Tonight I gave someone some money. It was not a lot but it was not a little either. I was a little shocked and upset when he told me that it was not enough, he needed more. I told him that if everyone gave what I did then he would be fine. I closed the door and wondered how I could feel deflated after giving tsedeka.

It is a shame to doubt the authenticity or motivation of some of these people. Certainly if I were (G-d forbid) in any of their situations, and if I did choose to go door to door; I cannot see any circumstance where I would not gratefully receive any money that came my way.

I think from now on 100% of my tsedaka goes through my rabbi or to people I know. I have had enough of being made to feel guilty when trying to do good.


Sharona B

www.judaicamosaica.com

Saturday, June 21, 2008

The Cleverest Boy Ever!

I always ask my kids what they learned at school. I like to hear about their day but also I can determine their level of understanding and whether their Hebrew is improving. Certain subjects are harder than others, either they are taught in a ‘wordy’ way with fewer visual clues or maybe the vocabulary is quite specific and not what they come across in the ‘real world’.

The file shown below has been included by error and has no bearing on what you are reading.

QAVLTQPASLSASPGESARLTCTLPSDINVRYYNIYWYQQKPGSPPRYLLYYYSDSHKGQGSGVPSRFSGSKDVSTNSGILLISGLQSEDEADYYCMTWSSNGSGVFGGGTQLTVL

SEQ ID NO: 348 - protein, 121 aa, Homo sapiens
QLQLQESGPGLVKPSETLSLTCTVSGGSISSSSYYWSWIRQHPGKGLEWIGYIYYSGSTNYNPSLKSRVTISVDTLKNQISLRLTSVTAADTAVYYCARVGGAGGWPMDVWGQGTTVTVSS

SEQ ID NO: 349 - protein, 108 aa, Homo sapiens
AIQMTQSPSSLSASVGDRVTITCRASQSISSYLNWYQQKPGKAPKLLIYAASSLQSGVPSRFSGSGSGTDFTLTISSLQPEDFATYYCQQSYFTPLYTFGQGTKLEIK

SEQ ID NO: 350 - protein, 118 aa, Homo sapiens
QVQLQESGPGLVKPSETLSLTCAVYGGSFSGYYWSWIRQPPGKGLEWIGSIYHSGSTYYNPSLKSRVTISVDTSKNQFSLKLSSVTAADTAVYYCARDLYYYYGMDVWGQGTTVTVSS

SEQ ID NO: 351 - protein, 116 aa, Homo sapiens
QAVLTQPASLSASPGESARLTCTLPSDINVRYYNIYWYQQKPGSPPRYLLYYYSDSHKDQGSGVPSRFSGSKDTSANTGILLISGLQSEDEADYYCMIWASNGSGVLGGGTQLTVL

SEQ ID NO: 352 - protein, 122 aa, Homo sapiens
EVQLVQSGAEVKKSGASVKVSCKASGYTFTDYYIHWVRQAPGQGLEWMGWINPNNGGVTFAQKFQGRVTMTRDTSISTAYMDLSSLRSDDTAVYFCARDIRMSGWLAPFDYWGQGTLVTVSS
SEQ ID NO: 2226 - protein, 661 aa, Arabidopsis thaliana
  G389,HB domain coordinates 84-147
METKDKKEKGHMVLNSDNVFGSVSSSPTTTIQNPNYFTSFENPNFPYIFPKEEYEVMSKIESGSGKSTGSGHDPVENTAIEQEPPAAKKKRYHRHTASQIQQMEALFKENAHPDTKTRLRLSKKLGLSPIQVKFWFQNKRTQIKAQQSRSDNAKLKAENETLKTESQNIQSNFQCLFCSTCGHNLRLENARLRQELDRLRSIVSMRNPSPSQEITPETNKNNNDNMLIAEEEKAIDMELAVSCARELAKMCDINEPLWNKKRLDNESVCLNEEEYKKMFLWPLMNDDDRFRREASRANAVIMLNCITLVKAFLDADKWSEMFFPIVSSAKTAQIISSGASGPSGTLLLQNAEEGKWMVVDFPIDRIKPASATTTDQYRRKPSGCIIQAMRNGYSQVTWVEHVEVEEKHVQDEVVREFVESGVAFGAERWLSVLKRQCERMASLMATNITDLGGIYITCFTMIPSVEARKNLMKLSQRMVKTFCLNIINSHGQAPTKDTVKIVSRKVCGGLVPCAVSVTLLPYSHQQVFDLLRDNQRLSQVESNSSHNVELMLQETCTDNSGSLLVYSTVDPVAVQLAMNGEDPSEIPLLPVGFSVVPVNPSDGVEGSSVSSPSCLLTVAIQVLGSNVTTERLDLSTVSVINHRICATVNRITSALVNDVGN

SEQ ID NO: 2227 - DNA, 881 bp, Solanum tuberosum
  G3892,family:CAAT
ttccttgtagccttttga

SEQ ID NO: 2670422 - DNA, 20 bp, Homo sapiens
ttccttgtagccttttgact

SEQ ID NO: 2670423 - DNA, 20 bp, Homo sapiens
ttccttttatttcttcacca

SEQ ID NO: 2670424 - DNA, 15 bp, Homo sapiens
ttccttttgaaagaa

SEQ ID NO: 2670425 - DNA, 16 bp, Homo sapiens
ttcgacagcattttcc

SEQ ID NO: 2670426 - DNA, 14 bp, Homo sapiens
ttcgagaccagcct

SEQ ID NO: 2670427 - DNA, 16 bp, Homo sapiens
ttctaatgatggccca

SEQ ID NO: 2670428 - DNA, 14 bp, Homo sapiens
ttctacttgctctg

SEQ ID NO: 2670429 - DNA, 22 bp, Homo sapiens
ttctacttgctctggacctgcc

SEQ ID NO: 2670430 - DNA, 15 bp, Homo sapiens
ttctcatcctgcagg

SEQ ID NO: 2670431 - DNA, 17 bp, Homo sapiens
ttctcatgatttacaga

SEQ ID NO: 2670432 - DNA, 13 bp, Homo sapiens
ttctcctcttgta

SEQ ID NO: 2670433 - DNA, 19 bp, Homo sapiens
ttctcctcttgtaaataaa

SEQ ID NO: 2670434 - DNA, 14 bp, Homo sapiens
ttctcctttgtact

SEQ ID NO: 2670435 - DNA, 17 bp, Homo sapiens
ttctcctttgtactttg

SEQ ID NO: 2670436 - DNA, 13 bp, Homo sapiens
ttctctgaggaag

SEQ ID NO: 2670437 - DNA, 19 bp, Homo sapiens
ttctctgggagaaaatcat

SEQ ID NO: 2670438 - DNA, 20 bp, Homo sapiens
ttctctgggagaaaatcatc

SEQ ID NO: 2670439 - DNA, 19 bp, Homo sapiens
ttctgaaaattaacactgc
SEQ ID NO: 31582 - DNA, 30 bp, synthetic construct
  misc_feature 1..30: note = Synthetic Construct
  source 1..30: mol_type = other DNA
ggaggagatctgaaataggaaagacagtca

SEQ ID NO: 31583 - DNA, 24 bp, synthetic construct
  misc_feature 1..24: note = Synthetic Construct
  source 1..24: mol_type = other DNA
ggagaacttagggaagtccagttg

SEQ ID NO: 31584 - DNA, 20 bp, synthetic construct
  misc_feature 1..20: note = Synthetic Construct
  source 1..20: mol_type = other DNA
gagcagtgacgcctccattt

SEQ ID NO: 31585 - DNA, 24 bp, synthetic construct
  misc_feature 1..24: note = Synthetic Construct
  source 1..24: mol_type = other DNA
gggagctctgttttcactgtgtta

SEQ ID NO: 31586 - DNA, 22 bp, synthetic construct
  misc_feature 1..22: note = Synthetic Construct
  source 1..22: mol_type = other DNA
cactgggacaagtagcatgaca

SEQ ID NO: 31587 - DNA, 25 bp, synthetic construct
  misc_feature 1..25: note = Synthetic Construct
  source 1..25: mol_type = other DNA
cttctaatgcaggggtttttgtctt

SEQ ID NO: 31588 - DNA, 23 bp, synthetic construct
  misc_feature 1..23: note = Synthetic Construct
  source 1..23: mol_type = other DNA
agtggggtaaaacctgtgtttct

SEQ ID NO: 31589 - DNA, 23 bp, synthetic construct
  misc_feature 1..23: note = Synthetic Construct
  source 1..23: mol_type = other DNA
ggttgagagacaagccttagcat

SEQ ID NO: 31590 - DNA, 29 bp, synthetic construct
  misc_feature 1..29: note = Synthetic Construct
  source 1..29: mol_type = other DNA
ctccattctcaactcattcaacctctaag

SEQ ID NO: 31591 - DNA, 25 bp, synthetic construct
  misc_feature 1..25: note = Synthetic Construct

This week my son came home from school and told me that he had learned all about deserts. I told him to tell me all about them and he got very excited. ‘Do you know what a desert looks like?’ he said. I described what most of us would, an arid, sandy, dune-filled terrain. With a sparkle in his eye he told me that he had learned all about cold, snowy deserts. My husband and I looked at each other. Had he misunderstood something in the lesson? Was he joking around with us?

But no, he was insistent; the arctic is a desert. After much debate I went on the internet. Sure enough a desert is classified as somewhere arid, extremely sparsely vegetated with a land devoid of earth. I even found an article about the ‘polar desert’ and another titled ‘Why the Arctic is a Desert’.

Well, well, well, you learn something everyday. I am not sure if the definition of a desert has changed but my husband and I certainly went through primary and secondary school without being taught this in Geography.